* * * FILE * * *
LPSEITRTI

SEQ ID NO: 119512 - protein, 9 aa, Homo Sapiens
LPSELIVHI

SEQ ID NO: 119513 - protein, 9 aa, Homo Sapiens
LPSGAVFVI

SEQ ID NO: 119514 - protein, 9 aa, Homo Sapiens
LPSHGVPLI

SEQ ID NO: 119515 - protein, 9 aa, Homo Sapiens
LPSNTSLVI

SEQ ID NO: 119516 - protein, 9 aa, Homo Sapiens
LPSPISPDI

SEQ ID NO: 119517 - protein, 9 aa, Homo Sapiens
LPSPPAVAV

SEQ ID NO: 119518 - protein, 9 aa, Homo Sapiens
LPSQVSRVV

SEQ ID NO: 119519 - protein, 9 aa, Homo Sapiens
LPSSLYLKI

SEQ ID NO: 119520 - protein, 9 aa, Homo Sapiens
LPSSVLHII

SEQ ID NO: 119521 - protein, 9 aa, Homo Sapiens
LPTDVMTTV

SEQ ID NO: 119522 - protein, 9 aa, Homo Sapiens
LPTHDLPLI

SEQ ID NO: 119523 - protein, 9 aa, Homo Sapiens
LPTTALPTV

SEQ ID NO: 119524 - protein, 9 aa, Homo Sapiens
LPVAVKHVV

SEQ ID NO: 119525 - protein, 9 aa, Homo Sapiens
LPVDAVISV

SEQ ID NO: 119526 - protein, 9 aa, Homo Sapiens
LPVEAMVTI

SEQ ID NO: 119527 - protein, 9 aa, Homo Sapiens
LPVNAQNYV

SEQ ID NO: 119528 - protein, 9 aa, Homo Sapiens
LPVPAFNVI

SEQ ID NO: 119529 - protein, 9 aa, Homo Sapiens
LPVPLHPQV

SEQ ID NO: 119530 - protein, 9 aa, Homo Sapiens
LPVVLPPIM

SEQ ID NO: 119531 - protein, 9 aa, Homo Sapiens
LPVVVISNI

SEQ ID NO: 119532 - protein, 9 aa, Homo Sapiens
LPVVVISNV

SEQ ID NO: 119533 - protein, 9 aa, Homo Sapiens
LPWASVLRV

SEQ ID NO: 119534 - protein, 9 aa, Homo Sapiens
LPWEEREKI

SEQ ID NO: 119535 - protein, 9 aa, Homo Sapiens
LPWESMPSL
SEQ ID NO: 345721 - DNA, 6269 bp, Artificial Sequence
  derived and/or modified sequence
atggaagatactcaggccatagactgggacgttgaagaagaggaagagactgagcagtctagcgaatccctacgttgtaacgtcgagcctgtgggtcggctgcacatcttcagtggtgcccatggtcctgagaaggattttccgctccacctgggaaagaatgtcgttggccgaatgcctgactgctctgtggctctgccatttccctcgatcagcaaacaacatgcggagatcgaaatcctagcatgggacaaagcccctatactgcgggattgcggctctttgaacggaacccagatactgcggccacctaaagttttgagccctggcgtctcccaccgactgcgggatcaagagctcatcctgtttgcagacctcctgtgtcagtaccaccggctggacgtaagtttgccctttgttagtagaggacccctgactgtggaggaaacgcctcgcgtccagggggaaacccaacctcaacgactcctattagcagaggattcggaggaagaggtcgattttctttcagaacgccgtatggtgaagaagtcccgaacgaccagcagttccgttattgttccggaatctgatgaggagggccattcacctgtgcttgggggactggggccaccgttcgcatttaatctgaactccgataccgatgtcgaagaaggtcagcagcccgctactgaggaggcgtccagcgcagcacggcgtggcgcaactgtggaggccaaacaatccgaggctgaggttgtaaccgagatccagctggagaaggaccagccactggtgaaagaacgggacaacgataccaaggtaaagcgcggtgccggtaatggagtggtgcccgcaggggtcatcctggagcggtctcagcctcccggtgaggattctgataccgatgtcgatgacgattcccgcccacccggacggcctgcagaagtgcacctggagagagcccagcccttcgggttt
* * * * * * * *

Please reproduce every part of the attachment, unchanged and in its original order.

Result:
LPSEITRTI

SEQ ID NO: 119512 - protein, 9 aa, Homo Sapiens
LPSELIVHI

SEQ ID NO: 119513 - protein, 9 aa, Homo Sapiens
LPSGAVFVI

SEQ ID NO: 119514 - protein, 9 aa, Homo Sapiens
LPSHGVPLI

SEQ ID NO: 119515 - protein, 9 aa, Homo Sapiens
LPSNTSLVI

SEQ ID NO: 119516 - protein, 9 aa, Homo Sapiens
LPSPISPDI

SEQ ID NO: 119517 - protein, 9 aa, Homo Sapiens
LPSPPAVAV

SEQ ID NO: 119518 - protein, 9 aa, Homo Sapiens
LPSQVSRVV

SEQ ID NO: 119519 - protein, 9 aa, Homo Sapiens
LPSSLYLKI

SEQ ID NO: 119520 - protein, 9 aa, Homo Sapiens
LPSSVLHII

SEQ ID NO: 119521 - protein, 9 aa, Homo Sapiens
LPTDVMTTV

SEQ ID NO: 119522 - protein, 9 aa, Homo Sapiens
LPTHDLPLI

SEQ ID NO: 119523 - protein, 9 aa, Homo Sapiens
LPTTALPTV

SEQ ID NO: 119524 - protein, 9 aa, Homo Sapiens
LPVAVKHVV

SEQ ID NO: 119525 - protein, 9 aa, Homo Sapiens
LPVDAVISV

SEQ ID NO: 119526 - protein, 9 aa, Homo Sapiens
LPVEAMVTI

SEQ ID NO: 119527 - protein, 9 aa, Homo Sapiens
LPVNAQNYV

SEQ ID NO: 119528 - protein, 9 aa, Homo Sapiens
LPVPAFNVI

SEQ ID NO: 119529 - protein, 9 aa, Homo Sapiens
LPVPLHPQV

SEQ ID NO: 119530 - protein, 9 aa, Homo Sapiens
LPVVLPPIM

SEQ ID NO: 119531 - protein, 9 aa, Homo Sapiens
LPVVVISNI

SEQ ID NO: 119532 - protein, 9 aa, Homo Sapiens
LPVVVISNV

SEQ ID NO: 119533 - protein, 9 aa, Homo Sapiens
LPWASVLRV

SEQ ID NO: 119534 - protein, 9 aa, Homo Sapiens
LPWEEREKI

SEQ ID NO: 119535 - protein, 9 aa, Homo Sapiens
LPWESMPSL
SEQ ID NO: 345721 - DNA, 6269 bp, Artificial Sequence
  derived and/or modified sequence
atggaagatactcaggccatagactgggacgttgaagaagaggaagagactgagcagtctagcgaatccctacgttgtaacgtcgagcctgtgggtcggctgcacatcttcagtggtgcccatggtcctgagaaggattttccgctccacctgggaaagaatgtcgttggccgaatgcctgactgctctgtggctctgccatttccctcgatcagcaaacaacatgcggagatcgaaatcctagcatgggacaaagcccctatactgcgggattgcggctctttgaacggaacccagatactgcggccacctaaagttttgagccctggcgtctcccaccgactgcgggatcaagagctcatcctgtttgcagacctcctgtgtcagtaccaccggctggacgtaagtttgccctttgttagtagaggacccctgactgtggaggaaacgcctcgcgtccagggggaaacccaacctcaacgactcctattagcagaggattcggaggaagaggtcgattttctttcagaacgccgtatggtgaagaagtcccgaacgaccagcagttccgttattgttccggaatctgatgaggagggccattcacctgtgcttgggggactggggccaccgttcgcatttaatctgaactccgataccgatgtcgaagaaggtcagcagcccgctactgaggaggcgtccagcgcagcacggcgtggcgcaactgtggaggccaaacaatccgaggctgaggttgtaaccgagatccagctggagaaggaccagccactggtgaaagaacgggacaacgataccaaggtaaagcgcggtgccggtaatggagtggtgcccgcaggggtcatcctggagcggtctcagcctcccggtgaggattctgataccgatgtcgatgacgattcccgcccacccggacggcctgcagaagtgcacctggagagagcccagcccttcgggttt